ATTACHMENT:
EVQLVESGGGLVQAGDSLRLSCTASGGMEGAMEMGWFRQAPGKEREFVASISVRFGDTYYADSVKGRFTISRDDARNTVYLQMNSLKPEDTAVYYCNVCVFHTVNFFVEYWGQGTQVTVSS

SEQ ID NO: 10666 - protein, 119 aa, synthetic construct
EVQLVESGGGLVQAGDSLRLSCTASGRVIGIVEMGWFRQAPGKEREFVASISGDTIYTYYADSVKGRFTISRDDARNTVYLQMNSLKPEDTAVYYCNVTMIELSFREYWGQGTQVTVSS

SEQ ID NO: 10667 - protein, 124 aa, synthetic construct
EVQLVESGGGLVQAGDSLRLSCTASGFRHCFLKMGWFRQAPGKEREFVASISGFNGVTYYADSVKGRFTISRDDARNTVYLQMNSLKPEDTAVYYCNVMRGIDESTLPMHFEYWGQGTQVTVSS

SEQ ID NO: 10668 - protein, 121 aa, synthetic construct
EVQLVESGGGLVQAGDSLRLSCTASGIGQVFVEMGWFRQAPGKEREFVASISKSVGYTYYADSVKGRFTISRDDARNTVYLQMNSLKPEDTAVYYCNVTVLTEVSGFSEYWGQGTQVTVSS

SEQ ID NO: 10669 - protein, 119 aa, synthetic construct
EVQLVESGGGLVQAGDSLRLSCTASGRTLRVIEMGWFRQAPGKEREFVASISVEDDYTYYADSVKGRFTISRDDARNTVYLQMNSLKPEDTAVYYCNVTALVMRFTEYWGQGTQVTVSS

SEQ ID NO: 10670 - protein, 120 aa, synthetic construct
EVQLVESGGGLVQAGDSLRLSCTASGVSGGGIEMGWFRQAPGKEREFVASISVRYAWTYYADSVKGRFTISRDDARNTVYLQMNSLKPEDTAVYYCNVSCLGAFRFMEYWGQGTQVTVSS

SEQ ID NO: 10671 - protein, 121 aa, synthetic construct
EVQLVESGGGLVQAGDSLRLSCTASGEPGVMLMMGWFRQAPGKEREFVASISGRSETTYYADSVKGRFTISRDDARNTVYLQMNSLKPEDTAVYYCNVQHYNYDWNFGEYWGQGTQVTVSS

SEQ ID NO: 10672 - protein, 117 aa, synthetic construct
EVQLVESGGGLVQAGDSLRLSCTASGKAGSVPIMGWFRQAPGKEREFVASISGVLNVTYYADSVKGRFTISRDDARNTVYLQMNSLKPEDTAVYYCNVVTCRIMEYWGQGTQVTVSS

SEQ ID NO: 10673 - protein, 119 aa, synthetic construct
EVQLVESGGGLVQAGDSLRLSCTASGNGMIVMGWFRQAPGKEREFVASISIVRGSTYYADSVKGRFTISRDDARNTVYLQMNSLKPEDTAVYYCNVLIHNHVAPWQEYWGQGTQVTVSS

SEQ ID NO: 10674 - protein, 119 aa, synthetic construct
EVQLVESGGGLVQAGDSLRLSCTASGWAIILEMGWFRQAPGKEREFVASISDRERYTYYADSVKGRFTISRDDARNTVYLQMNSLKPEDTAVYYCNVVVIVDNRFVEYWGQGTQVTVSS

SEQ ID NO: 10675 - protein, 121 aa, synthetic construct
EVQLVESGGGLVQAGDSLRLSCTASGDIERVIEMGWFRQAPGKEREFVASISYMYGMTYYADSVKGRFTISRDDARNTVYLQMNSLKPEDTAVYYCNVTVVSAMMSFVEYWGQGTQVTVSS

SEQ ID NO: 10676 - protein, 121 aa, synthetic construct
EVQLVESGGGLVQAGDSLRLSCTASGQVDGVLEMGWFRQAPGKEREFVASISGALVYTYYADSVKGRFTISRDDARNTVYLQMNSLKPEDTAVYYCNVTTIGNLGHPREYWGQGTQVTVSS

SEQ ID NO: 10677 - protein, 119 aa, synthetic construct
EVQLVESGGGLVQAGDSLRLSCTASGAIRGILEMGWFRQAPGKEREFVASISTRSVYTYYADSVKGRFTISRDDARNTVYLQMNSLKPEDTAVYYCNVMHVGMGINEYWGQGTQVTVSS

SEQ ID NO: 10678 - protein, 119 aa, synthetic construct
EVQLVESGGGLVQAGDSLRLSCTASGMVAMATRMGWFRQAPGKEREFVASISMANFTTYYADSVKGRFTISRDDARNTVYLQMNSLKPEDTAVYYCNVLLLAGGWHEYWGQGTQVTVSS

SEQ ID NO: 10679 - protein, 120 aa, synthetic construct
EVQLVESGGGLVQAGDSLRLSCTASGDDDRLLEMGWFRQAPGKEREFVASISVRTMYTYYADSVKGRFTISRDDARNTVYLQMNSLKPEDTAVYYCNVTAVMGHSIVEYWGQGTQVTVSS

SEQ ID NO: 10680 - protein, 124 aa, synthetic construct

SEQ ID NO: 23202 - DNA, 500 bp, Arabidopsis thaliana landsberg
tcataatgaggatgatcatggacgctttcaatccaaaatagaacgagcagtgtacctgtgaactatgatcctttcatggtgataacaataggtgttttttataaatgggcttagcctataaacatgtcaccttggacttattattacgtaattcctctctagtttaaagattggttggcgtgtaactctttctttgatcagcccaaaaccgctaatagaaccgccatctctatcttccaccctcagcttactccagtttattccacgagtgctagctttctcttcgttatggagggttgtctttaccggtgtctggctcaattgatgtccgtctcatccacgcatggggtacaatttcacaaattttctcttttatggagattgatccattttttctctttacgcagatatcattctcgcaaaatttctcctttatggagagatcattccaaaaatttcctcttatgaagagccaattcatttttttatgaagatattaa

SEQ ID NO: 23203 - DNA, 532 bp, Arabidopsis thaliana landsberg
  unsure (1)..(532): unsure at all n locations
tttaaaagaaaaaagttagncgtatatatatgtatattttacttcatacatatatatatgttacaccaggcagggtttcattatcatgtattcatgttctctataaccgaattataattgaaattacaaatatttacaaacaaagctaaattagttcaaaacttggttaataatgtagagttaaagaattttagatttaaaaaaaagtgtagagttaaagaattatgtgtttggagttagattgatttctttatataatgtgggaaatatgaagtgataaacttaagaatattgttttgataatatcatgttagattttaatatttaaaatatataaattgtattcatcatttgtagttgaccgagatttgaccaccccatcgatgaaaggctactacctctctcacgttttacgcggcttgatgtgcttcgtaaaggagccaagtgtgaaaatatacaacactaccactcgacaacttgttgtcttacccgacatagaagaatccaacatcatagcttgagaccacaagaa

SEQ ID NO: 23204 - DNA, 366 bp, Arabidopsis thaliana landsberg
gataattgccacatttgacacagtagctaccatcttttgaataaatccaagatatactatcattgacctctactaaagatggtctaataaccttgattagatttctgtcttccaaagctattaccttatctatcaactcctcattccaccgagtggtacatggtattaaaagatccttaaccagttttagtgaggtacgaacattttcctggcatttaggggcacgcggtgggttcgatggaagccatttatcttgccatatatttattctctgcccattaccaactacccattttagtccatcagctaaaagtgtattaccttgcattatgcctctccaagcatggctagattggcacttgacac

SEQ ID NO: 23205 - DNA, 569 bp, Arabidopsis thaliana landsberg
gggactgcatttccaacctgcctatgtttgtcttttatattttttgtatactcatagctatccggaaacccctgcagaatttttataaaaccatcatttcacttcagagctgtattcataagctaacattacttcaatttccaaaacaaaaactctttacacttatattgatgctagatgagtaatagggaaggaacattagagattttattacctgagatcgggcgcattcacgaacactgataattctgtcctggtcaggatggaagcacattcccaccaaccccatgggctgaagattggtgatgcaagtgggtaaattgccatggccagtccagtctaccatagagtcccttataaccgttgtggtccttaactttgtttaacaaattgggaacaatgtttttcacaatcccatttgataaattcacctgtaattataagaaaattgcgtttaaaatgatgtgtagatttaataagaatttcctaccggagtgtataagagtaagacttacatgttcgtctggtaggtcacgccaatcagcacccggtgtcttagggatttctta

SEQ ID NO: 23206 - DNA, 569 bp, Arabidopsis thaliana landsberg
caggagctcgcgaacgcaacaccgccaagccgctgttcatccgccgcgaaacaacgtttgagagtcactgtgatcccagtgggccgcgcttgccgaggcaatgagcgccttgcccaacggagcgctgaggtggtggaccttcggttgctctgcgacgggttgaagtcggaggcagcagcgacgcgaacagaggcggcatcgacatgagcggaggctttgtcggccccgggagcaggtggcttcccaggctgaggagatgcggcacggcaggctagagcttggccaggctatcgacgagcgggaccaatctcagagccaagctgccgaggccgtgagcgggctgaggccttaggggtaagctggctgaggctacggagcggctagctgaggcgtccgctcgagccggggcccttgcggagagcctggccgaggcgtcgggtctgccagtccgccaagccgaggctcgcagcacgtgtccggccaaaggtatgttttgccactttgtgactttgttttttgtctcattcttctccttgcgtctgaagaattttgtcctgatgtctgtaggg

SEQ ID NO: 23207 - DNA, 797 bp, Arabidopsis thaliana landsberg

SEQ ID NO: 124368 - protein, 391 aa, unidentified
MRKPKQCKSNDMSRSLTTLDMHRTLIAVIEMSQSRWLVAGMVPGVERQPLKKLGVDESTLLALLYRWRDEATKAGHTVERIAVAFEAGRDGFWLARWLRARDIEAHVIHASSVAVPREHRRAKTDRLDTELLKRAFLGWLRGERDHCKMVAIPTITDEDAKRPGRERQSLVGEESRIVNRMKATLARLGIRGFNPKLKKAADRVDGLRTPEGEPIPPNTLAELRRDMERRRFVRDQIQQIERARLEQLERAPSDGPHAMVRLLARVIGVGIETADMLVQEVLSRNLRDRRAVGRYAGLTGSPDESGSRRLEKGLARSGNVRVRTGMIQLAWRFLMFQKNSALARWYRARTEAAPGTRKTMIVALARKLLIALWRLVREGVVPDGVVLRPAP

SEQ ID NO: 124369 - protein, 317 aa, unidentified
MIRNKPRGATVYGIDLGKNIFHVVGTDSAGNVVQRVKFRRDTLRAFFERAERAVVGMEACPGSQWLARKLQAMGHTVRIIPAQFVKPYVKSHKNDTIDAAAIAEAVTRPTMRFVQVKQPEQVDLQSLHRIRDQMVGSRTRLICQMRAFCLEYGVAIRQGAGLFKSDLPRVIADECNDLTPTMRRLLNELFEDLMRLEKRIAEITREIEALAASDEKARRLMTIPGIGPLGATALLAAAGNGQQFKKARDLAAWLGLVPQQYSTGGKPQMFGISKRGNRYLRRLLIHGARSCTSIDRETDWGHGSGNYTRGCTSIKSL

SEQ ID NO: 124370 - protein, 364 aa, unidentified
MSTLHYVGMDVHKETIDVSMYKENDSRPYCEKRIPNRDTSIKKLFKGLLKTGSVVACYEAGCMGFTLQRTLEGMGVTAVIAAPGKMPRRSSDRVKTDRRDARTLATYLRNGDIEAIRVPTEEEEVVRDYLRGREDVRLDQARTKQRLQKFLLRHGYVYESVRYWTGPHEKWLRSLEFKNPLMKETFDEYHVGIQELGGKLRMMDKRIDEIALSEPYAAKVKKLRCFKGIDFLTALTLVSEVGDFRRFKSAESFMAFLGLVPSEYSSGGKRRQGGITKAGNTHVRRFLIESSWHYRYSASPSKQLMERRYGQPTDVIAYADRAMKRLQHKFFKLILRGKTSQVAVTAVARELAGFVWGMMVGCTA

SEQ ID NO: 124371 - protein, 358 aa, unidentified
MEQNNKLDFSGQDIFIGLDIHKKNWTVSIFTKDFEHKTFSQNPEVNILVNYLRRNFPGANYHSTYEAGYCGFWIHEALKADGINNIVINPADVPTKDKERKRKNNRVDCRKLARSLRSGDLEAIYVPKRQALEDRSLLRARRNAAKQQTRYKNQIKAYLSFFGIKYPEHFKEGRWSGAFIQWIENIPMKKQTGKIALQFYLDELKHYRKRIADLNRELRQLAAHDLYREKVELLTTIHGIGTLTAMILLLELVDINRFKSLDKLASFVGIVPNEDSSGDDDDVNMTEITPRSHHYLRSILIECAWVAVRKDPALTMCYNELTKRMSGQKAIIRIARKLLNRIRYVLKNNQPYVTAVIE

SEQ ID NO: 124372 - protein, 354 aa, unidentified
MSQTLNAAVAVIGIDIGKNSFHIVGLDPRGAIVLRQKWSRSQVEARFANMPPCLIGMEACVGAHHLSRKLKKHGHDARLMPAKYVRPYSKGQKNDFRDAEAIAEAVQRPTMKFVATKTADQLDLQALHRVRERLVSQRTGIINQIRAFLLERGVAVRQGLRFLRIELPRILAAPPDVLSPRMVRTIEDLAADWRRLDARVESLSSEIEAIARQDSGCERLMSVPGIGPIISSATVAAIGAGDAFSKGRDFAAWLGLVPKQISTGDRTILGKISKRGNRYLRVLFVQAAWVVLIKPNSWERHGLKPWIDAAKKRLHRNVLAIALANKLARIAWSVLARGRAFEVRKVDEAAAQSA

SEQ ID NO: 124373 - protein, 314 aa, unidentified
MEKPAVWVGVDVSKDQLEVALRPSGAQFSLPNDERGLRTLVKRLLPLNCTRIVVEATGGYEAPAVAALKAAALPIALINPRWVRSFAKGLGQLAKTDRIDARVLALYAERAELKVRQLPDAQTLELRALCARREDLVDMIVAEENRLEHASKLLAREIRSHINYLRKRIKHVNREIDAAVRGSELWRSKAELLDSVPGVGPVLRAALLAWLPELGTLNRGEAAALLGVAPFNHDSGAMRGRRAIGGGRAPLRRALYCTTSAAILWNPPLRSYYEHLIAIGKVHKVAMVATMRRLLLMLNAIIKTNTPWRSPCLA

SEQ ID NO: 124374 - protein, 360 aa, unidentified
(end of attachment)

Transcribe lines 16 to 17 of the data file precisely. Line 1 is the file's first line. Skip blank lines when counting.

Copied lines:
SEQ ID NO: 10673 - protein, 119 aa, synthetic construct
EVQLVESGGGLVQAGDSLRLSCTASGNGMIVMGWFRQAPGKEREFVASISIVRGSTYYADSVKGRFTISRDDARNTVYLQMNSLKPEDTAVYYCNVLIHNHVAPWQEYWGQGTQVTVSS